Russians are significantly more likely to spend their free time watching television than reading books, according to a survey by the independent Levada Center pollster.
The number of Russians who name television as a source of their happiness has increased in recent years. While television remains the biggest news source for Russians, it has become less trusted over the past decade, past Levada polling has said.
Four out of five Russians (79 percent) watch movies and TV series at least once a week, Levada’s survey published on Monday said.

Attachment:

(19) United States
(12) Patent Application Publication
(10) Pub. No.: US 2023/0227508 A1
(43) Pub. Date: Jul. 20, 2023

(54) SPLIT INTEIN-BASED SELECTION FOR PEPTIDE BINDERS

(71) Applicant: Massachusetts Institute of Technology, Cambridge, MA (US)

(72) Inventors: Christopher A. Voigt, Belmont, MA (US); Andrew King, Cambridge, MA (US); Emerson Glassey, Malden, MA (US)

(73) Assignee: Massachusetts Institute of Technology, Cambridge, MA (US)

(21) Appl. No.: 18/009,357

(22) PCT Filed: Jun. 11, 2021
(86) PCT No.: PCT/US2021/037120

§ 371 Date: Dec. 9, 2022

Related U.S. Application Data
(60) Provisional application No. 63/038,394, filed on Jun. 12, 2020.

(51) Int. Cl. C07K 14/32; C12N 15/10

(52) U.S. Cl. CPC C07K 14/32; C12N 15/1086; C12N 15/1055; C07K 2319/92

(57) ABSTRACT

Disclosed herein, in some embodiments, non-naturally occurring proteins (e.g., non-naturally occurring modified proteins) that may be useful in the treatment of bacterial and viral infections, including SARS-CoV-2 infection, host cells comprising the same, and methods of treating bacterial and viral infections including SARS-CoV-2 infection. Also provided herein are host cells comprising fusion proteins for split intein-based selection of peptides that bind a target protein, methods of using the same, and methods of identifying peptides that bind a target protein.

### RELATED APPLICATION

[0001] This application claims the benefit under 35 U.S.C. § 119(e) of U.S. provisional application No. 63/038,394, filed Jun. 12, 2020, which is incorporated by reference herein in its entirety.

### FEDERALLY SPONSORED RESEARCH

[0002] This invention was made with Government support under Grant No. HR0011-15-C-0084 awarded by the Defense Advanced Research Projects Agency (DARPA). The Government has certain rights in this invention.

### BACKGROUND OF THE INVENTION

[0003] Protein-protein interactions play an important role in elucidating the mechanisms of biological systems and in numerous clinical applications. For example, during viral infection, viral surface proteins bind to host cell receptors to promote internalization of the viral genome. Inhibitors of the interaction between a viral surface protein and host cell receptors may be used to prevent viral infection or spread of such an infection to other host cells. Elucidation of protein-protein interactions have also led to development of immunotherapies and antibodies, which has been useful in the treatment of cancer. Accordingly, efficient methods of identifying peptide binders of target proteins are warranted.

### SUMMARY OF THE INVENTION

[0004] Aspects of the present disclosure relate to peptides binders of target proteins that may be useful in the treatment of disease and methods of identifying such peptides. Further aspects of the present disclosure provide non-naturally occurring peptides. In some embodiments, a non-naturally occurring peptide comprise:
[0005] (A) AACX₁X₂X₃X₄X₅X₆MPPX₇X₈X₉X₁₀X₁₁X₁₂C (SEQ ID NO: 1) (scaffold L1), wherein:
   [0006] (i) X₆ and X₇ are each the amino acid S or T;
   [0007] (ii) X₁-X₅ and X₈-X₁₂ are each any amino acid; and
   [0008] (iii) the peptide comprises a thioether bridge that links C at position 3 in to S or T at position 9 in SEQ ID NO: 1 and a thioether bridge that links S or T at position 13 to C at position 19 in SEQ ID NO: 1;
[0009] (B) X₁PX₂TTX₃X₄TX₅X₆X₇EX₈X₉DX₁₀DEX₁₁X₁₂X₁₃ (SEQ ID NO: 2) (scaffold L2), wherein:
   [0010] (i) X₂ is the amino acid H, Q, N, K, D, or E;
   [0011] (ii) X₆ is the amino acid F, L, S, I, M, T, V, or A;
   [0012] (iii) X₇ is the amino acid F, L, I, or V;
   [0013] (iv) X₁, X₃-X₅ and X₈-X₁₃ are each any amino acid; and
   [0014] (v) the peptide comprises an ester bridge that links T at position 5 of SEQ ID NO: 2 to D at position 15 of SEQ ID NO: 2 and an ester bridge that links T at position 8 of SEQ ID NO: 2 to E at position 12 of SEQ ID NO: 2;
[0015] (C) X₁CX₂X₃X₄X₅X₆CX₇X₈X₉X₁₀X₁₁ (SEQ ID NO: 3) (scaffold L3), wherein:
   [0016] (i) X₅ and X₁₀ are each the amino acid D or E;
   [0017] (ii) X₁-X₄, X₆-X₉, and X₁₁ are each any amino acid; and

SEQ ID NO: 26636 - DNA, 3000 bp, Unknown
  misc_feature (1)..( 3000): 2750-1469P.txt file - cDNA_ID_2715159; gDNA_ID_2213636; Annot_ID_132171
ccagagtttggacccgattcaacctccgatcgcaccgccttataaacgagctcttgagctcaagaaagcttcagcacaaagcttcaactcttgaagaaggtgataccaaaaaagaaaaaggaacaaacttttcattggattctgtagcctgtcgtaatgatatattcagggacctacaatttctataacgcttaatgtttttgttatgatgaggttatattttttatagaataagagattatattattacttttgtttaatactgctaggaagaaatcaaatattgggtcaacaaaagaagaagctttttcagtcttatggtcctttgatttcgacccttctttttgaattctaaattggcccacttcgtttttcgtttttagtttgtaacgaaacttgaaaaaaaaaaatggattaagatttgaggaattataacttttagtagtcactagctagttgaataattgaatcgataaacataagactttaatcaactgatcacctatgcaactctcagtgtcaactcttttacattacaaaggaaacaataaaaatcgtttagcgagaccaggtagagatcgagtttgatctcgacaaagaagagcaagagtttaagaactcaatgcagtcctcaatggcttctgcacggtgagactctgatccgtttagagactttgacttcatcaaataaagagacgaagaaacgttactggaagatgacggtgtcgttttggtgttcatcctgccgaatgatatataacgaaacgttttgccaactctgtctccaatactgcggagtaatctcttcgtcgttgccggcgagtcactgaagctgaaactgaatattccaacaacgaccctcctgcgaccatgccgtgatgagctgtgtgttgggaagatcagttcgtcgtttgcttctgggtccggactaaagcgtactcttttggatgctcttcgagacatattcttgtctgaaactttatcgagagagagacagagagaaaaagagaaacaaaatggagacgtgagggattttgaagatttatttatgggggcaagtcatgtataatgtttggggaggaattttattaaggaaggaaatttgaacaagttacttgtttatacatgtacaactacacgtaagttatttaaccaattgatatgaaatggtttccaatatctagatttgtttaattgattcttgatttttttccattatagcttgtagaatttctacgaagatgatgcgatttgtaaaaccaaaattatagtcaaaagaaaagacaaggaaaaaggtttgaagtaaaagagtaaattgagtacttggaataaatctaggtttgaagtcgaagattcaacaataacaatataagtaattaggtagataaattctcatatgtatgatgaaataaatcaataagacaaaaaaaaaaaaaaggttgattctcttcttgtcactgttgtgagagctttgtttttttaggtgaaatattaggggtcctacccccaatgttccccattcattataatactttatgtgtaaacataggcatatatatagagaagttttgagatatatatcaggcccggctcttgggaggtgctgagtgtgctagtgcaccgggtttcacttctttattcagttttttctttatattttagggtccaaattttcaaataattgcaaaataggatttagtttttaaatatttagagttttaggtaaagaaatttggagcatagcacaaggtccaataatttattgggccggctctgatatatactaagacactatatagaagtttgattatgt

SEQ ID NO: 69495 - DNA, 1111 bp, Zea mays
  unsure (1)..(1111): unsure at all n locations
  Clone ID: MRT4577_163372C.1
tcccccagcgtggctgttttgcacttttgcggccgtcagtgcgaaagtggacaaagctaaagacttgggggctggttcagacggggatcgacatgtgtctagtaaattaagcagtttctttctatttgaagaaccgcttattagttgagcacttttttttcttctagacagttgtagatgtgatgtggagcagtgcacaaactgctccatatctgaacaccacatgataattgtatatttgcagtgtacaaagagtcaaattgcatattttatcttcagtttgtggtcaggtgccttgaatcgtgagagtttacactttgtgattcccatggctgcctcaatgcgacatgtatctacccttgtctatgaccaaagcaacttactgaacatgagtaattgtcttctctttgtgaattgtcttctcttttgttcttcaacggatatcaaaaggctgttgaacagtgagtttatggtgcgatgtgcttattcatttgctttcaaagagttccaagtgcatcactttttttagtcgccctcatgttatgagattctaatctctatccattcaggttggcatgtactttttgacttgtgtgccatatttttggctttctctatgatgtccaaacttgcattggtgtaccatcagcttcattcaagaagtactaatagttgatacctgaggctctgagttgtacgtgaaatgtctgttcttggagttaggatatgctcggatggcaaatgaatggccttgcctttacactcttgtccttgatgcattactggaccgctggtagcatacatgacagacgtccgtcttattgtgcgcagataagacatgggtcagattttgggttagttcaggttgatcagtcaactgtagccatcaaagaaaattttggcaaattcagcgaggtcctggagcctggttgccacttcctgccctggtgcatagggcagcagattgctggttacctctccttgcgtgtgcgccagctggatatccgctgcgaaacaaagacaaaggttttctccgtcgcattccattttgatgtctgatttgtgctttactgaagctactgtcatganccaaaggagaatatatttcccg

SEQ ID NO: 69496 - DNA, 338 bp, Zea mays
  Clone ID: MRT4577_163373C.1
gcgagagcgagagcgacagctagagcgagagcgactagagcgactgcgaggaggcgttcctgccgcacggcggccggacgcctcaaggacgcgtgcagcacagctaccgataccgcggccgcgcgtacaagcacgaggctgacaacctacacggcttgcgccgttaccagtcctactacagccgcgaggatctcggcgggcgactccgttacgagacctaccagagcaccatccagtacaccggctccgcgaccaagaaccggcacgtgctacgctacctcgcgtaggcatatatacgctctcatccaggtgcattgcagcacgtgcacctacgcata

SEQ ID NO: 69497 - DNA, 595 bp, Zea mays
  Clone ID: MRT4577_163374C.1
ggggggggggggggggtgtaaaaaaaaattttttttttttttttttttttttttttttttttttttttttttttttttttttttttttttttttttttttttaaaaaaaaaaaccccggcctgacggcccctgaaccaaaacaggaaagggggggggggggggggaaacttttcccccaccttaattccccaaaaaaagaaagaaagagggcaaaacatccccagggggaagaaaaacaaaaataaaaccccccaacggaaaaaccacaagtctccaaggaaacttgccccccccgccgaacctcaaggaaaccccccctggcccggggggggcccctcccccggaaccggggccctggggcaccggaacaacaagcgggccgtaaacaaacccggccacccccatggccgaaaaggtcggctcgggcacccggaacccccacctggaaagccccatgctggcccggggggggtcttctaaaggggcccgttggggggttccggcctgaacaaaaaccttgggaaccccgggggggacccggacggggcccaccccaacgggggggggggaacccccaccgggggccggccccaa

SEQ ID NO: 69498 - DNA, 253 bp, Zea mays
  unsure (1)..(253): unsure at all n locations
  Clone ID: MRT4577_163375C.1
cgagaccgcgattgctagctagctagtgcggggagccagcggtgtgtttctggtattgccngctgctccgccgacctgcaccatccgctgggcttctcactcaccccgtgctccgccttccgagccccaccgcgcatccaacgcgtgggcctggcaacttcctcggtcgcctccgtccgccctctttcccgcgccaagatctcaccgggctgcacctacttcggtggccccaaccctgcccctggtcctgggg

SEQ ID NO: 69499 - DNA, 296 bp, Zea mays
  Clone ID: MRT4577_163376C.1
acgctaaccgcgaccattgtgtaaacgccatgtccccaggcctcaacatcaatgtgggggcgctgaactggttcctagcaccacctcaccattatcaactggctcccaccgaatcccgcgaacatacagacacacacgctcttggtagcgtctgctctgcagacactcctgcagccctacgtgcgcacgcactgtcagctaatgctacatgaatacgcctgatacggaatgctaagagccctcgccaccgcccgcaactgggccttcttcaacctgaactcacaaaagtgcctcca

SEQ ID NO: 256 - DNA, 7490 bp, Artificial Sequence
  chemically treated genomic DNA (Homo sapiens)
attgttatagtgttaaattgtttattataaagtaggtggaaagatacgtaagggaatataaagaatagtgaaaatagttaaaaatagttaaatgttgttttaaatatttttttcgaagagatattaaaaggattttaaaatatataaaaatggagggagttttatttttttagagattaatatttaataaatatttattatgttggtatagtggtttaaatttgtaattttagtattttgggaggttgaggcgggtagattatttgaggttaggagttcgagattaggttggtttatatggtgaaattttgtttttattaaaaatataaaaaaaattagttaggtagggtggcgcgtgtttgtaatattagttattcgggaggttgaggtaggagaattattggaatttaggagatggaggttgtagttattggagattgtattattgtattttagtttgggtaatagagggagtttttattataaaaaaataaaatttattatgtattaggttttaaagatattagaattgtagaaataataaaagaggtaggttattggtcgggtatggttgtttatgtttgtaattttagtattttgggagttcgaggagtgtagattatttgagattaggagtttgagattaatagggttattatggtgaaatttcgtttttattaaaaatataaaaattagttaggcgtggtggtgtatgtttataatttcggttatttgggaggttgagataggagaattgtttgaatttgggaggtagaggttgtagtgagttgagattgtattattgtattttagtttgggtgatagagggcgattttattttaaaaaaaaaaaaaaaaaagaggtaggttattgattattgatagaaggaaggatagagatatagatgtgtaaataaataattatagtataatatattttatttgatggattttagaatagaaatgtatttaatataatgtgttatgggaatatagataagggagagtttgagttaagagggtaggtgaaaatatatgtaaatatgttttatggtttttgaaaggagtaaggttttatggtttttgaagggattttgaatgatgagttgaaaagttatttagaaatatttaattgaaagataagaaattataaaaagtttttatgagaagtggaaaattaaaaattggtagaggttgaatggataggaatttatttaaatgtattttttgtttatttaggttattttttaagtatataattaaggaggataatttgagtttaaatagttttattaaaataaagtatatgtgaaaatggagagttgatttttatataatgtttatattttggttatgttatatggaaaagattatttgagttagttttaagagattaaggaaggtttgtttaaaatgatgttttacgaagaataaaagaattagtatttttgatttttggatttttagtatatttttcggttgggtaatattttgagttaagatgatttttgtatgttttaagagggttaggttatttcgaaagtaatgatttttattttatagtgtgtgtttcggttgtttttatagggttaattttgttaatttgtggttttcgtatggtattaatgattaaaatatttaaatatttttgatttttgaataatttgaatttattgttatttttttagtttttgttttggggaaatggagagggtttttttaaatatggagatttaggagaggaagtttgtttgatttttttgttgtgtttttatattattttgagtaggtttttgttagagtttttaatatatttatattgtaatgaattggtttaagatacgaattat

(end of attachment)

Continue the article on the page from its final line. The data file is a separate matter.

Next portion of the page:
Only 28 percent of Russian respondents said they read literary fiction at least once a week. Fifty-five percent said they never read or only pick up a book a few times a year.
Russians are also spending less of their free time on cultural activities like visiting museums, theaters and concerts, the pollster added. Its survey said that more than half of Russian respondents (55 percent) had never been to a museum or theater and almost two-thirds (64 percent) had never attended their favorite performer’s concert.
Between 1994 and 2019, Levada said the share of Russians who said they read daily or weekly had dropped by about half (from 23 percent and 14 percent and from 26 percent to 14 percent, respectively). The same trend was seen in the 18-29 age group, the pollster said.
Levada conducted the survey among 1,616 respondents in 50 Russian regions on May 24-29.